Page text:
Actually we are looking to attract more investments to expand the number of beds or even start new hospitals. The total number of medical beds in Jordan stands at 12.000, and the private sector share is 4.800. We need to increase the number for both local and international needs and to be able to welcome the growing numbers of patients.

Jordanian medical education is of very high quality and we have many highly qualified doctors. The Gulf countries are looking to attract doctors from Jordan. Many of our doctors go to the Gulf, work there for a couple of years and then return home with good experience. We have a lot of doctors in Jordan’s private hospitals that have been also working experience in the USA and Europe.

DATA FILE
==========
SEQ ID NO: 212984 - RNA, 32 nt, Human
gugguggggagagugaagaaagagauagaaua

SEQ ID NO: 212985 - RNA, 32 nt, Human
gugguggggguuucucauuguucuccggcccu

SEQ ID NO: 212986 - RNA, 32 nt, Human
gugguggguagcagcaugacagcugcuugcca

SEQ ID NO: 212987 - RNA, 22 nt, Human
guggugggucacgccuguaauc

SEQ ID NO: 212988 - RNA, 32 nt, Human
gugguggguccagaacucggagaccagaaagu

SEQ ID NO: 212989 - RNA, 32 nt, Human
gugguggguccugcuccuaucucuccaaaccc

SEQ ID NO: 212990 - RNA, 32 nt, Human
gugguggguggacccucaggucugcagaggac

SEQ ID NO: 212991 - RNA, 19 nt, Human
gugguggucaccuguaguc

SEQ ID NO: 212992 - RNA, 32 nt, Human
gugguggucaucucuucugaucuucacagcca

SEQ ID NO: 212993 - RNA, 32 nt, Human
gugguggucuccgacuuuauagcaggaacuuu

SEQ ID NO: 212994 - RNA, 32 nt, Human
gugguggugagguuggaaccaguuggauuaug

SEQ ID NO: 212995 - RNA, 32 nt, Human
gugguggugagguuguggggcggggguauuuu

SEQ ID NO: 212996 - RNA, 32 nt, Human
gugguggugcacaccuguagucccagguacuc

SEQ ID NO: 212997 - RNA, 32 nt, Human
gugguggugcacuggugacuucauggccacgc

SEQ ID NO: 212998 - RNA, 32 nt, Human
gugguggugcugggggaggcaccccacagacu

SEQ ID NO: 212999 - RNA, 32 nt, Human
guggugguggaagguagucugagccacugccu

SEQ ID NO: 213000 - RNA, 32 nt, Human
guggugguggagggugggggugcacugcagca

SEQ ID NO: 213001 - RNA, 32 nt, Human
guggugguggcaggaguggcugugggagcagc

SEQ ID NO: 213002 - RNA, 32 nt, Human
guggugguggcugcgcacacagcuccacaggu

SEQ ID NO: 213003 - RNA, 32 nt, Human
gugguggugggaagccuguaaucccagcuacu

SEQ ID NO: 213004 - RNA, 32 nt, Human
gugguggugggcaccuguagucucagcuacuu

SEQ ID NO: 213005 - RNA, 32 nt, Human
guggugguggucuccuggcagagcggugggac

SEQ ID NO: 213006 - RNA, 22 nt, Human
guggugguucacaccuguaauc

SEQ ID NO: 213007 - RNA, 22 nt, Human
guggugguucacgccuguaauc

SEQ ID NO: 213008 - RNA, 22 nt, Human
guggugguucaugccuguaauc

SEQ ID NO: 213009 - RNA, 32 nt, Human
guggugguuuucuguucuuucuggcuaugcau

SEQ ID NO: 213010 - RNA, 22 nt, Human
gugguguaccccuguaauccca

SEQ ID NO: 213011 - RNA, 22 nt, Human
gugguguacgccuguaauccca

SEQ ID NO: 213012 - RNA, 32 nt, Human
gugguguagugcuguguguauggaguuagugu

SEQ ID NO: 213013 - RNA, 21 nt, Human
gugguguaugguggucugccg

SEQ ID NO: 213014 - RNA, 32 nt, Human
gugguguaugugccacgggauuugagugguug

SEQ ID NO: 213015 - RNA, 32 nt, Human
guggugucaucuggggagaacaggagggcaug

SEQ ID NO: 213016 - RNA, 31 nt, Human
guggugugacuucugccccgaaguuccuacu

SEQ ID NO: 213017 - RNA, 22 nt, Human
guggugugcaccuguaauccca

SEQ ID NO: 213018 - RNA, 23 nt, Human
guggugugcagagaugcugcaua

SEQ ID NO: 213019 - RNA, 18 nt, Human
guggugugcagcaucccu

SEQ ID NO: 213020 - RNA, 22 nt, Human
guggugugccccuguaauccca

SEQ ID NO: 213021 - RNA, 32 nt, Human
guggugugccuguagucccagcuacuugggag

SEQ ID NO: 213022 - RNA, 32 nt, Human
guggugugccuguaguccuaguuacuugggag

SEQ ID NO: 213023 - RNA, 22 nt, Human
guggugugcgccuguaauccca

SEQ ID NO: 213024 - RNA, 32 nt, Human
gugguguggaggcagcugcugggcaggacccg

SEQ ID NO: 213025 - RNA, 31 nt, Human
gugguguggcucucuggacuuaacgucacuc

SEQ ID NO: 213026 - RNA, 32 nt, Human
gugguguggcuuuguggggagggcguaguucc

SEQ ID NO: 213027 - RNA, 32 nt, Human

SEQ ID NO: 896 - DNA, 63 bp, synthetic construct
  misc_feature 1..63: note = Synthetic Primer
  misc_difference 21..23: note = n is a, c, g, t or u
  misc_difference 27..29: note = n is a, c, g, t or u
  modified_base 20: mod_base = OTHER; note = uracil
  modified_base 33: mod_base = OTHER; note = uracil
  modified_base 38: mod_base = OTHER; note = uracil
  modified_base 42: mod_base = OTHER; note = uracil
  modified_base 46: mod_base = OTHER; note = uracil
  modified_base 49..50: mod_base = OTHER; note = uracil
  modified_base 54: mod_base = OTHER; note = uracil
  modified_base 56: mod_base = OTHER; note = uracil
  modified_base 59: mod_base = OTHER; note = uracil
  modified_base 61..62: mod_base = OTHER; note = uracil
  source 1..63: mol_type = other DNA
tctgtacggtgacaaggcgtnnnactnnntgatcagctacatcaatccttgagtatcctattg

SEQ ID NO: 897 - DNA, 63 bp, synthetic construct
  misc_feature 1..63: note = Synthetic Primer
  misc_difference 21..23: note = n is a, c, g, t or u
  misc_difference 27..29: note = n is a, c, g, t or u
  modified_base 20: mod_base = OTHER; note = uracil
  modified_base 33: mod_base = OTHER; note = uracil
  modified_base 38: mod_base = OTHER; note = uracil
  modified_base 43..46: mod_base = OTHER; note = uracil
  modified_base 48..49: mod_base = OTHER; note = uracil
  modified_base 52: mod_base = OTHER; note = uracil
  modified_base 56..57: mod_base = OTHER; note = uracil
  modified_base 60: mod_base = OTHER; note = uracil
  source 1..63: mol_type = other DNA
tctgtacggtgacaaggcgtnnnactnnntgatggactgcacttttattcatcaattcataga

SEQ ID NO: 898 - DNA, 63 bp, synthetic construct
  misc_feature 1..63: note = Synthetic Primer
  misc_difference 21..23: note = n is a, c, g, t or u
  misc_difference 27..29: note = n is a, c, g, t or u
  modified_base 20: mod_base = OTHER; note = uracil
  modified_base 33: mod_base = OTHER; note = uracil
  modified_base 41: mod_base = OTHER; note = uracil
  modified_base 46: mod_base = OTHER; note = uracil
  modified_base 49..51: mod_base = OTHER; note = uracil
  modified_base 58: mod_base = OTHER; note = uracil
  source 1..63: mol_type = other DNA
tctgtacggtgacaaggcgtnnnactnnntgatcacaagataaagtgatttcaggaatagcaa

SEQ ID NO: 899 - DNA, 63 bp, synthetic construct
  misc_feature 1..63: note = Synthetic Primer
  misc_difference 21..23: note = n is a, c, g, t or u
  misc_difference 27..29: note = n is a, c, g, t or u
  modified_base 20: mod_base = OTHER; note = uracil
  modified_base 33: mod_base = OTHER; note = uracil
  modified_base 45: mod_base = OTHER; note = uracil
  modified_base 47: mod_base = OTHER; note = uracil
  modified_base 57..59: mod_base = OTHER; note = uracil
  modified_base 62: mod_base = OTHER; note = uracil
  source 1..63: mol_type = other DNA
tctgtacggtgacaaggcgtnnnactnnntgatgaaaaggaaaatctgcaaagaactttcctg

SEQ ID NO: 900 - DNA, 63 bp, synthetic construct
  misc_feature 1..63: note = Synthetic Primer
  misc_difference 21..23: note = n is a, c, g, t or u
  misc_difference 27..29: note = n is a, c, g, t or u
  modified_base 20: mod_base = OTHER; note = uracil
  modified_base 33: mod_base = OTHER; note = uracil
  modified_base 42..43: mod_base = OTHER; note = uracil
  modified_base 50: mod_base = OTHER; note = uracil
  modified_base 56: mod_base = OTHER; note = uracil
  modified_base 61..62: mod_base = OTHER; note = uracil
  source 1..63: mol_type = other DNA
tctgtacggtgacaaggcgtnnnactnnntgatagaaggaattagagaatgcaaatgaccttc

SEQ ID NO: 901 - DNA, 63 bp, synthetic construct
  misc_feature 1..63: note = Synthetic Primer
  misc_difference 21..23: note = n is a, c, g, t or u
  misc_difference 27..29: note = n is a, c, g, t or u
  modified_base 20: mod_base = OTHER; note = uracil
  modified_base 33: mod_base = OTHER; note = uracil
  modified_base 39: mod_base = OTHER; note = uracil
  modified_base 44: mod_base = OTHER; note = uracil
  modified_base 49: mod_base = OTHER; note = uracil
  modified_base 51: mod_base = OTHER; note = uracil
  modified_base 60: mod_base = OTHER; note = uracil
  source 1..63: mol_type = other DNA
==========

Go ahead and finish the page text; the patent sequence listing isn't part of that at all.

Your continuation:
Why should Jordan be the medical tourism destination of choice?

In the past ten years, Jordan has consistently developed its regional and international appeal as a foremost destination of medical and wellness tourism standing to the leverage on the excellent medical reputation of Jordanian private hospitals, world-class internationally board certified multilingual physicians, competitive cost structure, magnificent natural spas, state of the art resorts. With all that in addition to safety, accessibility, clean environment and moderate weather there is no doubt that patients from all over the world should consider Jordan as a smart medical destination.